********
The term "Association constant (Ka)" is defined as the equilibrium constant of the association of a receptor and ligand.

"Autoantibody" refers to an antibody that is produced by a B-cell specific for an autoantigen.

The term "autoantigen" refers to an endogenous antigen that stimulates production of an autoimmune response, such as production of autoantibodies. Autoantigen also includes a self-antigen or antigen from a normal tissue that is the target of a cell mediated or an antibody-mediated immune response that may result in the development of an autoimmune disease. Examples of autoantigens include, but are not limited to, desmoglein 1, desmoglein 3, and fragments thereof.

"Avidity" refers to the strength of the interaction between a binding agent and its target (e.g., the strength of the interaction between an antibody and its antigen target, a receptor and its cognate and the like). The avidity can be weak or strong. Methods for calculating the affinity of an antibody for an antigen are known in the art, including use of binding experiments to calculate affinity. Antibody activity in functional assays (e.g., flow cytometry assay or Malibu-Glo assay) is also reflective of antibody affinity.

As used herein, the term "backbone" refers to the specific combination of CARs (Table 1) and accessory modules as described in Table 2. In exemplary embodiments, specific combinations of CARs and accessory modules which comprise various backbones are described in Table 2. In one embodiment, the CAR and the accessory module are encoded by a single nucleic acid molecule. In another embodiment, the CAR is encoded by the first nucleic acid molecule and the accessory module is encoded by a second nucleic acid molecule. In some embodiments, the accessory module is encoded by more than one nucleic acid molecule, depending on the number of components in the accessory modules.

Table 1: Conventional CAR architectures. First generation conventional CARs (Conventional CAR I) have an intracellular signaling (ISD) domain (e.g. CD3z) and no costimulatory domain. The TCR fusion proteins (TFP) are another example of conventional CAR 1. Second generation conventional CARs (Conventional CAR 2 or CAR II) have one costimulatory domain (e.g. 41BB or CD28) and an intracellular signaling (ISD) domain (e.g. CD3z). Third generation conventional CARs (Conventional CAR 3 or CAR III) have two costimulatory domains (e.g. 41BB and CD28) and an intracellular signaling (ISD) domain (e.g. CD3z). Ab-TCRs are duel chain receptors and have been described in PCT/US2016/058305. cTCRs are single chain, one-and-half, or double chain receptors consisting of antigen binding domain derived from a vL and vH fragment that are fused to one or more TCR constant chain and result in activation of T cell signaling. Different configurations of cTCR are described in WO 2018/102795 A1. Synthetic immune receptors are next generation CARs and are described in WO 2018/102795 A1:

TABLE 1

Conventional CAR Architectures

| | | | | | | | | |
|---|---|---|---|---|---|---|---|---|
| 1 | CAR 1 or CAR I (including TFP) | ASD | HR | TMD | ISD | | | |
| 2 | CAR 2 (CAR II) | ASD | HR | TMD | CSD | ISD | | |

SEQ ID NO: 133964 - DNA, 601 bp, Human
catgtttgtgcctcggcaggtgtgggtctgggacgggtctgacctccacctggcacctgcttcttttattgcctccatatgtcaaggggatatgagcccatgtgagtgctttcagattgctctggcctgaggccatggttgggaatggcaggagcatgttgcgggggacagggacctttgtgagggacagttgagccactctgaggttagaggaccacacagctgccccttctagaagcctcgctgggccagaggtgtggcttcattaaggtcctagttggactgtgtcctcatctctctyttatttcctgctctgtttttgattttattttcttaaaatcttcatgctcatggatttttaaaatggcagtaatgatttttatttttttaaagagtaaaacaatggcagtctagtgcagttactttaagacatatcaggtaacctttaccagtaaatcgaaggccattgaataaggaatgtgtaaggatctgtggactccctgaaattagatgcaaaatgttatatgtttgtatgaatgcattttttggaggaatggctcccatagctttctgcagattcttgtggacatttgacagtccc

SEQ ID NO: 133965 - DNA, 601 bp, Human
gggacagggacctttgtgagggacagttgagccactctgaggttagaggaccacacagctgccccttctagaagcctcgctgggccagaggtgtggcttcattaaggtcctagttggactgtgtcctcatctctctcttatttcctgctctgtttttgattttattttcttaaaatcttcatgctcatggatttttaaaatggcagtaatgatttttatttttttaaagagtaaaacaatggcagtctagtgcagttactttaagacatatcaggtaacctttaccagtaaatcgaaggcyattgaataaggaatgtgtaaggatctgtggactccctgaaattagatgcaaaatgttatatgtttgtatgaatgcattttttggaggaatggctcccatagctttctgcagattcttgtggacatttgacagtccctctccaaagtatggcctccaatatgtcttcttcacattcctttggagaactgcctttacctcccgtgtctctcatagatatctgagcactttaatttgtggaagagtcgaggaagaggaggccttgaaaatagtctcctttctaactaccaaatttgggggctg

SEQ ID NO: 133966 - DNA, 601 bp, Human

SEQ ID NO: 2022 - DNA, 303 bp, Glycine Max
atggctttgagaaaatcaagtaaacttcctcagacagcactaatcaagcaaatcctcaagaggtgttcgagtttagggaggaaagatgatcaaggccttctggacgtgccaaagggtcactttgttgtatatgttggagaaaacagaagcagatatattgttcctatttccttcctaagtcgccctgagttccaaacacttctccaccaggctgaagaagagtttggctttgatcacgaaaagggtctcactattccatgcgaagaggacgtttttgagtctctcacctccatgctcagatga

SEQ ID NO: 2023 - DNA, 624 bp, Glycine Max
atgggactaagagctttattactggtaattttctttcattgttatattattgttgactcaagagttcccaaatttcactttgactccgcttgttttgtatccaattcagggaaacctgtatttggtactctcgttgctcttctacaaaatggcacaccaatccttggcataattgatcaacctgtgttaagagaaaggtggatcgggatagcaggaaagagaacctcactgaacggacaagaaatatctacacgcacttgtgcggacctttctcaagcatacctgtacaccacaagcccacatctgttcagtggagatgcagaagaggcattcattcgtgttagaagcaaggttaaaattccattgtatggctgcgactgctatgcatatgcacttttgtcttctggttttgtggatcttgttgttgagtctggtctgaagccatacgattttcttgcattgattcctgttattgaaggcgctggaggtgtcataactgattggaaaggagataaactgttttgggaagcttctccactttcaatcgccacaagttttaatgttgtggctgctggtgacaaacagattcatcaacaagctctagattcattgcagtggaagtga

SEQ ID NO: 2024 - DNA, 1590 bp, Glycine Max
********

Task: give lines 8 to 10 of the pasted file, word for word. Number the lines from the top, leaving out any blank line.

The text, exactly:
Conventional CAR Architectures

| | | | | | | | | |
|---|---|---|---|---|---|---|---|---|